It is unlimited in number and the factor tree remains visible so long as the user does not apply
the magnifying glass onto another number (in which the factor breakdown of the new number is
displayed). Only the user of this tool will see its results.
|The magnifying glass tool
|The Flag tool presents one equation that contains the factors of a number. This tool is limited
in number. When used on a mountain number, a flag marks the usage area and an equation is placed
on the screen. This equation, which both players can see, remains on the screen throughout the
|The flag tool
|Currently, we are interested in exploring whether or not shared hint-giving tools improve
mathematical and collaborative learning through encouragement of individual accountability
and communication between peers. One way of promoting accountability on the individual level
is to allow both members of the team to use a tool and then place a team limit on the number
of tool usages. (The flip side would be to put individual limits on the number of available
resources.) For example, we may find that students teach one another through the use of their
shared tools. In order to draw conclusions about patterns of behaviour and learning, we need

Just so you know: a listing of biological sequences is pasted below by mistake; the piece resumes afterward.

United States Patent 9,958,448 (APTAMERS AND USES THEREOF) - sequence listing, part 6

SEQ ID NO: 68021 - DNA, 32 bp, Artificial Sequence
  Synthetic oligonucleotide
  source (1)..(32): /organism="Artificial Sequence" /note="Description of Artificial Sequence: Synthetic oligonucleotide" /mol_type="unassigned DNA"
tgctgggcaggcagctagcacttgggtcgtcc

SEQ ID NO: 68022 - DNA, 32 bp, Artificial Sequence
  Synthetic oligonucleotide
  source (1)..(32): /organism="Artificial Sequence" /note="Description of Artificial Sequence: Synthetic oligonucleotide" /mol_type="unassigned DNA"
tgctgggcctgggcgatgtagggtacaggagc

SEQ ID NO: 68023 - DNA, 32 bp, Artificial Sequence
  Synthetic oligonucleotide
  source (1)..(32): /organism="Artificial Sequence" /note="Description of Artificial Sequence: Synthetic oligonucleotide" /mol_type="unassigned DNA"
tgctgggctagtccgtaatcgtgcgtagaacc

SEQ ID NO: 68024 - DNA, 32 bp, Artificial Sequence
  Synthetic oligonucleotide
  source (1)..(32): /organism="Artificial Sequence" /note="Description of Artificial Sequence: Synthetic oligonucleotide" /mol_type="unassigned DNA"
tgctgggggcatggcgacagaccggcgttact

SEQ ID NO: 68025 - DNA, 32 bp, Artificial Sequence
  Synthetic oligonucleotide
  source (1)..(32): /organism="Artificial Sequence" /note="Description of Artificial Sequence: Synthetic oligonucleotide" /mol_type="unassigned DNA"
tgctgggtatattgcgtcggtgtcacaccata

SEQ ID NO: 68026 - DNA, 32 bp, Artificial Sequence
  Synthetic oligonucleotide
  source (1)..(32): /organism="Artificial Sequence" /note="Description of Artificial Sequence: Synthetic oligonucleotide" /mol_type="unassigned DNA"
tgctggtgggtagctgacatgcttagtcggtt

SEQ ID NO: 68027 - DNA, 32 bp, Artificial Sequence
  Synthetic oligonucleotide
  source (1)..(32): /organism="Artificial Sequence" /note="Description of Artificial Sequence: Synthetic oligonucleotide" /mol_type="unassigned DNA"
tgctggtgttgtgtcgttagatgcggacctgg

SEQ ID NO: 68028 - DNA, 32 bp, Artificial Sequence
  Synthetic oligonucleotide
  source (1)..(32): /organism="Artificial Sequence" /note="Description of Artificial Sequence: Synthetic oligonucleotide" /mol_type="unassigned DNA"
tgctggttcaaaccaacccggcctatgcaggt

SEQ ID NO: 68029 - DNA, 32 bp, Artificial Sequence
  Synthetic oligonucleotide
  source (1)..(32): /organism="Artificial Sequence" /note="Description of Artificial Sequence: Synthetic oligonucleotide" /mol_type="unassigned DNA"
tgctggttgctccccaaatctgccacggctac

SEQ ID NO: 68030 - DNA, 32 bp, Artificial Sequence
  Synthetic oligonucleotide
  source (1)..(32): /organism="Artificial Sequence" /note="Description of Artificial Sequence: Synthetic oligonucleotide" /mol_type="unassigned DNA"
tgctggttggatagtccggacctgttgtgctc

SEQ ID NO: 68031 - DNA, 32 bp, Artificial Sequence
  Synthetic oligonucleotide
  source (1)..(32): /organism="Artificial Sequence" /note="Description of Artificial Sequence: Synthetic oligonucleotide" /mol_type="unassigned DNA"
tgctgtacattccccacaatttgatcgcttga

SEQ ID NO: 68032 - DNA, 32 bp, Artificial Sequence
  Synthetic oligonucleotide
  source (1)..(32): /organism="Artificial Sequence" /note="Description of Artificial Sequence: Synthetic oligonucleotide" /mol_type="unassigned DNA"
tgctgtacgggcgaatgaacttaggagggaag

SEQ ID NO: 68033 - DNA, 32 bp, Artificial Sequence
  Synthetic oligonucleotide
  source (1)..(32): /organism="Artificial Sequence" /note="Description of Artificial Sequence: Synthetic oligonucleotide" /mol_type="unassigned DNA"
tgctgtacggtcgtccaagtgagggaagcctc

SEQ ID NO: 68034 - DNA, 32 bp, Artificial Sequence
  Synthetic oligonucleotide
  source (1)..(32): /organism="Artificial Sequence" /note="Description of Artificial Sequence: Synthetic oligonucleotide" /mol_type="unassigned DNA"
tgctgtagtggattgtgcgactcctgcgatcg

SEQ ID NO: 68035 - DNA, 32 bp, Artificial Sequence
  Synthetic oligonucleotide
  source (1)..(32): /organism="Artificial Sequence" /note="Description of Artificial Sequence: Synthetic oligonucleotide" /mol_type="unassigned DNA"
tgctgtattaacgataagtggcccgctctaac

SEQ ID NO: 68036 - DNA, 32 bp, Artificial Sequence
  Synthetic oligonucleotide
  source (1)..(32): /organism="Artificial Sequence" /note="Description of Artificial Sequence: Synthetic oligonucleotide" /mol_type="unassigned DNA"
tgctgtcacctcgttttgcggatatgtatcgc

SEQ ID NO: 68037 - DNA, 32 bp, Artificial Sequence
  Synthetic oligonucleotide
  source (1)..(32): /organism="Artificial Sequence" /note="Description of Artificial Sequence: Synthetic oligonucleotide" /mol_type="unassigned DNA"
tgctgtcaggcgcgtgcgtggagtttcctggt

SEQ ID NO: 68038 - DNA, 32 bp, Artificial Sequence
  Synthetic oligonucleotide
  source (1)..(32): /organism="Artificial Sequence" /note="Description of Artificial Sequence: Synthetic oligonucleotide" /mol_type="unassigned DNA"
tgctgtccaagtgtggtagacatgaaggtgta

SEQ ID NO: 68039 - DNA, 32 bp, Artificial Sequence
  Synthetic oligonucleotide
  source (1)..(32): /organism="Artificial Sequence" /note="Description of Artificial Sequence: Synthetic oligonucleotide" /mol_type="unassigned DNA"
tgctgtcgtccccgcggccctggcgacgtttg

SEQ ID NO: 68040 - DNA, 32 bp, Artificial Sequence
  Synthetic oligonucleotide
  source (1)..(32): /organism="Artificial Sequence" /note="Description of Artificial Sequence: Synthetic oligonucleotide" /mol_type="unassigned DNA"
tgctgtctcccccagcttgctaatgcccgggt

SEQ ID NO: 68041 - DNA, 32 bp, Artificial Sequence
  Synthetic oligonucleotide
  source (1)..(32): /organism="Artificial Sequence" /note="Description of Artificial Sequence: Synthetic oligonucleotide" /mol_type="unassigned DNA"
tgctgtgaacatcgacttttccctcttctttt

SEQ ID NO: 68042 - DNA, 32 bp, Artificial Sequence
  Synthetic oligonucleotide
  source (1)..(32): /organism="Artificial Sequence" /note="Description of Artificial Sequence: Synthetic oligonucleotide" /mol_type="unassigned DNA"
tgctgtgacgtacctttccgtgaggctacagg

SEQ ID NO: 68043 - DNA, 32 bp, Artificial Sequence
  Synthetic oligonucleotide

to record and document both a student's game inputs and a student's off-screen interactions
while playing PrimeClimb.
|Game log documentation and video annotations
|To record the former, game play logs generated by the application can be used. For
the latter, we can video tape the playing sessions of a student. This can be done by
recording (with the use of two cameras): what is happening on the computer screen, and what
physical actions are being performed. Note that these video feeds should ultimately be
synchronized to make annotations easier. It is important to recognize that we must overcome
some underlying challenges of documenting social interactions. For example, when annotating video,
what criteria constitute a "student explanation" or a "hand gesture"?
|Synchronizing the game screen with social interations
Documenting Collaborative Interactions
For our study, we need to document informal activity to find patterns in collaborative interactions. Two challenges we face are:
(1) Combining documentation of social interactions with documentation of game events, and
(2) Facilitating the analyses of various pattern hypotheses.
To combine both social interaction documentation and game event documentation, we can create a multi-dimensional timeline that includes both sets of data. This can potentially aid in the identification of interesting patterns of behaviour through visual pattern matching.
We want to adopt an open-ended approach to these challenges such that we can satisfy openness. If we were able to support mechanisms of testing various pattern hypotheses about how tool usage and planning ties in to communication, we would be able to quickly answer different questions and address specific hypotheses.
By annotating only interesting items and then analyzing that data, we can achieve our open-ended goal. This is because we can come up with interesting questions, and only annotate what is necessary from the video. If that information is already processed, then much time can be saved (as annotation of video can be very time consuming). This methodology allows others to carry out future work using the same data set to test out new ideas and suggestions.